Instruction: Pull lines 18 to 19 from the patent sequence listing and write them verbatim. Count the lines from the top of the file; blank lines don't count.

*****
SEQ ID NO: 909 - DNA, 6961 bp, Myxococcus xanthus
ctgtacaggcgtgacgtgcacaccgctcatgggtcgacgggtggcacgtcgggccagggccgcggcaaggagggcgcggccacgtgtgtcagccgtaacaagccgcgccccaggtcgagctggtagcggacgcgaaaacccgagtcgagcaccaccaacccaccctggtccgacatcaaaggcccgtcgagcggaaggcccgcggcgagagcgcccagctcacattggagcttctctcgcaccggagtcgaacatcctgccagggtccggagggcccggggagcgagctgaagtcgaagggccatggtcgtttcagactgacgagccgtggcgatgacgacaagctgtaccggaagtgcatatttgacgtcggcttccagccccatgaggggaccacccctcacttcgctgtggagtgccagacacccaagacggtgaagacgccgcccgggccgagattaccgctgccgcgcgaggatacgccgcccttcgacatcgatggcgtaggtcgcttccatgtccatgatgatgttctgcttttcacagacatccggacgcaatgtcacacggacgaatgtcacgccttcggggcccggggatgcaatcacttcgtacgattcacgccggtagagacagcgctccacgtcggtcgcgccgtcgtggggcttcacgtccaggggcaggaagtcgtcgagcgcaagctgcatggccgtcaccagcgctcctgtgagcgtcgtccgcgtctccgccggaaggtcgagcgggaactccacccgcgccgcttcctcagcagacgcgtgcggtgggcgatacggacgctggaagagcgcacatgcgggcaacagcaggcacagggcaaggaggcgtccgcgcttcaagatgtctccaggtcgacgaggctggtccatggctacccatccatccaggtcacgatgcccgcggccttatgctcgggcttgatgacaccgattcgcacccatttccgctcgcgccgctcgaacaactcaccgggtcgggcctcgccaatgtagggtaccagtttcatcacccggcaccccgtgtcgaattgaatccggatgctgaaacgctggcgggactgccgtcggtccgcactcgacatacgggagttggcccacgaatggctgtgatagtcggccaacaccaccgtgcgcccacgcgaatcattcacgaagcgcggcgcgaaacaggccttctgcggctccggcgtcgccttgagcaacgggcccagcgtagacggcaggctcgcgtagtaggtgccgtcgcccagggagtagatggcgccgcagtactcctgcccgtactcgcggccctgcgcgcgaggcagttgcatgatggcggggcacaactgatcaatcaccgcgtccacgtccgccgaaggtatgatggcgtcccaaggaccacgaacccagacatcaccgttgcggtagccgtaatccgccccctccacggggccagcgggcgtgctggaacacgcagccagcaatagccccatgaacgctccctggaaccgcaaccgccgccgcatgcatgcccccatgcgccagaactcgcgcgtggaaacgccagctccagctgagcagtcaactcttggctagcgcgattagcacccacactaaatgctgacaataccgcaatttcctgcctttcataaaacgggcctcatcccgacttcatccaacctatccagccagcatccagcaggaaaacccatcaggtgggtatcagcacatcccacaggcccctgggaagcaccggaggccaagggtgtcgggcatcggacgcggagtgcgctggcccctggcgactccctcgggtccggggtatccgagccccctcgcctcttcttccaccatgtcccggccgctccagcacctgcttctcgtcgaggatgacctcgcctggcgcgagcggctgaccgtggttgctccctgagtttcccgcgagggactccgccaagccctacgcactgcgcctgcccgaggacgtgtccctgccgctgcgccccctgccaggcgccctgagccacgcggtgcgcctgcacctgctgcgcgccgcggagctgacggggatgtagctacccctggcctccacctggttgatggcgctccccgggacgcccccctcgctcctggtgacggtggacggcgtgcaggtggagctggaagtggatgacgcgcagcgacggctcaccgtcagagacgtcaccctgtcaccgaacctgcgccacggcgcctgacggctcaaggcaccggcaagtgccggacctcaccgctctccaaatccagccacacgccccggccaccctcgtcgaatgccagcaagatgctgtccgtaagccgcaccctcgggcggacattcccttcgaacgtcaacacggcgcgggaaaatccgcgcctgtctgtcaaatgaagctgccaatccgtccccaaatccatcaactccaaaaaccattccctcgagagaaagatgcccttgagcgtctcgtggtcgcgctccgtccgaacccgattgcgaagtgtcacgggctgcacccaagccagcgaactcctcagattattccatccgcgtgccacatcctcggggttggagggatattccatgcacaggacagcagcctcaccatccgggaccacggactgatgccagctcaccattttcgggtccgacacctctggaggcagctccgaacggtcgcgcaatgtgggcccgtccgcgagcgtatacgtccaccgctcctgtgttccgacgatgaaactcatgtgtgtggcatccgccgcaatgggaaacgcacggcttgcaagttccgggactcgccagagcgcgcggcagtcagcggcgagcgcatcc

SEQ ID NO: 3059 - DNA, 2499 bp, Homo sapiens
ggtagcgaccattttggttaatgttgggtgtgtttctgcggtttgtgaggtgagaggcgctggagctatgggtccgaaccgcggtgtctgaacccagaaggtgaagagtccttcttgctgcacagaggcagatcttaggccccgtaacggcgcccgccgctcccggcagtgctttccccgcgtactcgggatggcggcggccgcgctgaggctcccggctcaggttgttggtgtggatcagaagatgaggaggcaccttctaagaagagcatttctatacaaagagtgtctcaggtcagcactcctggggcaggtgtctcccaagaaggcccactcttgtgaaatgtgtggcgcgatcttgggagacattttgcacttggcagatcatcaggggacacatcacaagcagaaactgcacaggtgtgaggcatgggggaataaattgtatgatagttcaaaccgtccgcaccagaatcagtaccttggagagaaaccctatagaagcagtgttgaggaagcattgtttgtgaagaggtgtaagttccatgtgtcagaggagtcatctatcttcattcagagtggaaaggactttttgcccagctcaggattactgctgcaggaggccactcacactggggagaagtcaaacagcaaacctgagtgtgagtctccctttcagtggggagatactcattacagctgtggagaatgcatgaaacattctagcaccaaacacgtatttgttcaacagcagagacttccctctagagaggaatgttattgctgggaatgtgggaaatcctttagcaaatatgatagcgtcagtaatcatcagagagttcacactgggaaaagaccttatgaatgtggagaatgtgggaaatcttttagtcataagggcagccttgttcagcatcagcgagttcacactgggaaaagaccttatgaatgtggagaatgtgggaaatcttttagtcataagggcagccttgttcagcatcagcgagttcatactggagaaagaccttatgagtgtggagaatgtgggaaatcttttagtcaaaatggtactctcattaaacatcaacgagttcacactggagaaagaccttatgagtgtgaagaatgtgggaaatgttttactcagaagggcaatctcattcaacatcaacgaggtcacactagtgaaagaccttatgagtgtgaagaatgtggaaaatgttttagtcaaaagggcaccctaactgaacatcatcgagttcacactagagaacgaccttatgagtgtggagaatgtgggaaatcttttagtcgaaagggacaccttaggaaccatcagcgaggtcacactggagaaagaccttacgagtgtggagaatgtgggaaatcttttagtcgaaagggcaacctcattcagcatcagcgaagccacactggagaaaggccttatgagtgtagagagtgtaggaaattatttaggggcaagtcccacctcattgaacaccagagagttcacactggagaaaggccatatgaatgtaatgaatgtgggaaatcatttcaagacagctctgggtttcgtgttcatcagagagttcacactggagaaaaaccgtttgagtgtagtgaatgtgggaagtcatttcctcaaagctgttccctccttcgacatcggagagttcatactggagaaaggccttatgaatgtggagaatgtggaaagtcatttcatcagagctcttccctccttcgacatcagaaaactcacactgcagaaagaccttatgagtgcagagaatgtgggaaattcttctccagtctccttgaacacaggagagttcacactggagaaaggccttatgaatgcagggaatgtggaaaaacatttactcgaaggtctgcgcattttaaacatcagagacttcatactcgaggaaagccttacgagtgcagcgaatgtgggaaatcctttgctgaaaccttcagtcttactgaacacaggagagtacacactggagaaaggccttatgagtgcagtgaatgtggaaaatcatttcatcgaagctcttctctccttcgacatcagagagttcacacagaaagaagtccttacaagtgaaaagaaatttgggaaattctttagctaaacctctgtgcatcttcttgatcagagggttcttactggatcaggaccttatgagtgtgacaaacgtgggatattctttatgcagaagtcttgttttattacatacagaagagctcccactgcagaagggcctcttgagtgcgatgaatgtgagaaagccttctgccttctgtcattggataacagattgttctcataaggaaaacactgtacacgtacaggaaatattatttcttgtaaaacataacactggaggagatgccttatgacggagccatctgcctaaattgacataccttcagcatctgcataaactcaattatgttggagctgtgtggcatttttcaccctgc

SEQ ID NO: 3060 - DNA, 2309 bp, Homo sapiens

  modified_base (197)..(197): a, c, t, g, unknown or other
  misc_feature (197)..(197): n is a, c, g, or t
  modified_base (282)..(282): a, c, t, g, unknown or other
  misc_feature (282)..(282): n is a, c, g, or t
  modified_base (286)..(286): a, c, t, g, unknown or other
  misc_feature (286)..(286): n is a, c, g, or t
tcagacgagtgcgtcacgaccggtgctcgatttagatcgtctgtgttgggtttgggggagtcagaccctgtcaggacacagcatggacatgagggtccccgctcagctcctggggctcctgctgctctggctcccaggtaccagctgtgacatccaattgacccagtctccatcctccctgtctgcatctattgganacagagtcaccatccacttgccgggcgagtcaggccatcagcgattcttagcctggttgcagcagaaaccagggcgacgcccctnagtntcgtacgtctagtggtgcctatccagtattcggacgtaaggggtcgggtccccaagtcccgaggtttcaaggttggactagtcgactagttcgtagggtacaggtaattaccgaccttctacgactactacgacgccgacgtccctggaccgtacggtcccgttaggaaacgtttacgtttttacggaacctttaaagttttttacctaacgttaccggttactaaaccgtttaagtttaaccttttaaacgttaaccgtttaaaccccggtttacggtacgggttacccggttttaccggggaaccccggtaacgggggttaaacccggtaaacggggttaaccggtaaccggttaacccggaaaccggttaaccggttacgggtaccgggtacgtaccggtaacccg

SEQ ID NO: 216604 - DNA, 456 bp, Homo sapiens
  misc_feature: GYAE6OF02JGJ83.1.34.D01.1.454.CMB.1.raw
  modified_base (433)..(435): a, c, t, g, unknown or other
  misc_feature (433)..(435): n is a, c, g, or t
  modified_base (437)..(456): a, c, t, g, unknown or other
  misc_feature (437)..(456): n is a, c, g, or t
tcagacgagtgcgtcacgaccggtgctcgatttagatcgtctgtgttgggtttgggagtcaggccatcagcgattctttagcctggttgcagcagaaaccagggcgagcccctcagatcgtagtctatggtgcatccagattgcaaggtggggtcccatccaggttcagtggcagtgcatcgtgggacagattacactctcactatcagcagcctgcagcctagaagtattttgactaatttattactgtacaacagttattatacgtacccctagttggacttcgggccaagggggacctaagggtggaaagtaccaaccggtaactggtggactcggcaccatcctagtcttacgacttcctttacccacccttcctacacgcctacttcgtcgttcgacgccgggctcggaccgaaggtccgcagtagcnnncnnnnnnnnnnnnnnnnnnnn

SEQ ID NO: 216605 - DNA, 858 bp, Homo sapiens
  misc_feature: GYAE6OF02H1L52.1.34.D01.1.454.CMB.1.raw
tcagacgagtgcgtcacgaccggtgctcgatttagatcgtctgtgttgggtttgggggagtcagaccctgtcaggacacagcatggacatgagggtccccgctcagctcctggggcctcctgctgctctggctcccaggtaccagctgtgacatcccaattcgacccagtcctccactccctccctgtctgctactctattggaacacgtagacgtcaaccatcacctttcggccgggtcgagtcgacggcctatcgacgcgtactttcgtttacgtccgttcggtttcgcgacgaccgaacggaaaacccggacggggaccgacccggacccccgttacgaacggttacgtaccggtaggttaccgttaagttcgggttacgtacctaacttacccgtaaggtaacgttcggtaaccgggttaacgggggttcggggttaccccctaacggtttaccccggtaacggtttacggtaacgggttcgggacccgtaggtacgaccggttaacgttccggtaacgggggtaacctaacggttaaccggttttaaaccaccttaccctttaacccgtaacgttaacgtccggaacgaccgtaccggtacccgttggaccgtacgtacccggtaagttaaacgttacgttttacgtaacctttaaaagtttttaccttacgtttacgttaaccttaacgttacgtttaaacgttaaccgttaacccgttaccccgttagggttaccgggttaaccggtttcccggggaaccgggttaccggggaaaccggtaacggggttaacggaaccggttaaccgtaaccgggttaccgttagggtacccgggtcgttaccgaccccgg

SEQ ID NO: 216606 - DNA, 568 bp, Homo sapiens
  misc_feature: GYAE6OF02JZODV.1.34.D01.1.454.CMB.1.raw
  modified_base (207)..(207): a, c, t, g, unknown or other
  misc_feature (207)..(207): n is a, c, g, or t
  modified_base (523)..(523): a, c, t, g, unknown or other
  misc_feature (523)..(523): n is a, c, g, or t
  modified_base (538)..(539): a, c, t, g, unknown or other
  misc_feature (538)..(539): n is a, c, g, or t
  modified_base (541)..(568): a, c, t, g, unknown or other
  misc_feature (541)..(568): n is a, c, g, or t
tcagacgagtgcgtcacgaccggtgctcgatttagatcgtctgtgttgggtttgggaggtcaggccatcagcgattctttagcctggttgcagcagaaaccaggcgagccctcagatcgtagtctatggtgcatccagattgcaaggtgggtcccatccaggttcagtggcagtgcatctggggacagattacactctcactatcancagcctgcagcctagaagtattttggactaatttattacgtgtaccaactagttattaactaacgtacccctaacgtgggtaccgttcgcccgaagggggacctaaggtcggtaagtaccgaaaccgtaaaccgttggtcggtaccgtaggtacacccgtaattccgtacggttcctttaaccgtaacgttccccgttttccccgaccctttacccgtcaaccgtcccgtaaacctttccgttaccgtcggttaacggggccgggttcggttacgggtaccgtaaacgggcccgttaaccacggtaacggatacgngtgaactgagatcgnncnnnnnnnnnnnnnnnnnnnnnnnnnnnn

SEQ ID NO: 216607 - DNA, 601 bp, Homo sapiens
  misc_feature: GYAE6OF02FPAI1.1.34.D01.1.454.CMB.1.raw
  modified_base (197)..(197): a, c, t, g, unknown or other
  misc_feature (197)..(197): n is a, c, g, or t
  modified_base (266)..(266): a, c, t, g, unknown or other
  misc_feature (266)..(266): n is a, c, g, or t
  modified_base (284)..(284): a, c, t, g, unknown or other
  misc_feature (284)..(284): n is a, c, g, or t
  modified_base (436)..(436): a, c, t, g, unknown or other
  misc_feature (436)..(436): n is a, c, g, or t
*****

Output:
  misc_feature (437)..(456): n is a, c, g, or t
tcagacgagtgcgtcacgaccggtgctcgatttagatcgtctgtgttgggtttgggagtcaggccatcagcgattctttagcctggttgcagcagaaaccagggcgagcccctcagatcgtagtctatggtgcatccagattgcaaggtggggtcccatccaggttcagtggcagtgcatcgtgggacagattacactctcactatcagcagcctgcagcctagaagtattttgactaatttattactgtacaacagttattatacgtacccctagttggacttcgggccaagggggacctaagggtggaaagtaccaaccggtaactggtggactcggcaccatcctagtcttacgacttcctttacccacccttcctacacgcctacttcgtcgttcgacgccgggctcggaccgaaggtccgcagtagcnnncnnnnnnnnnnnnnnnnnnnn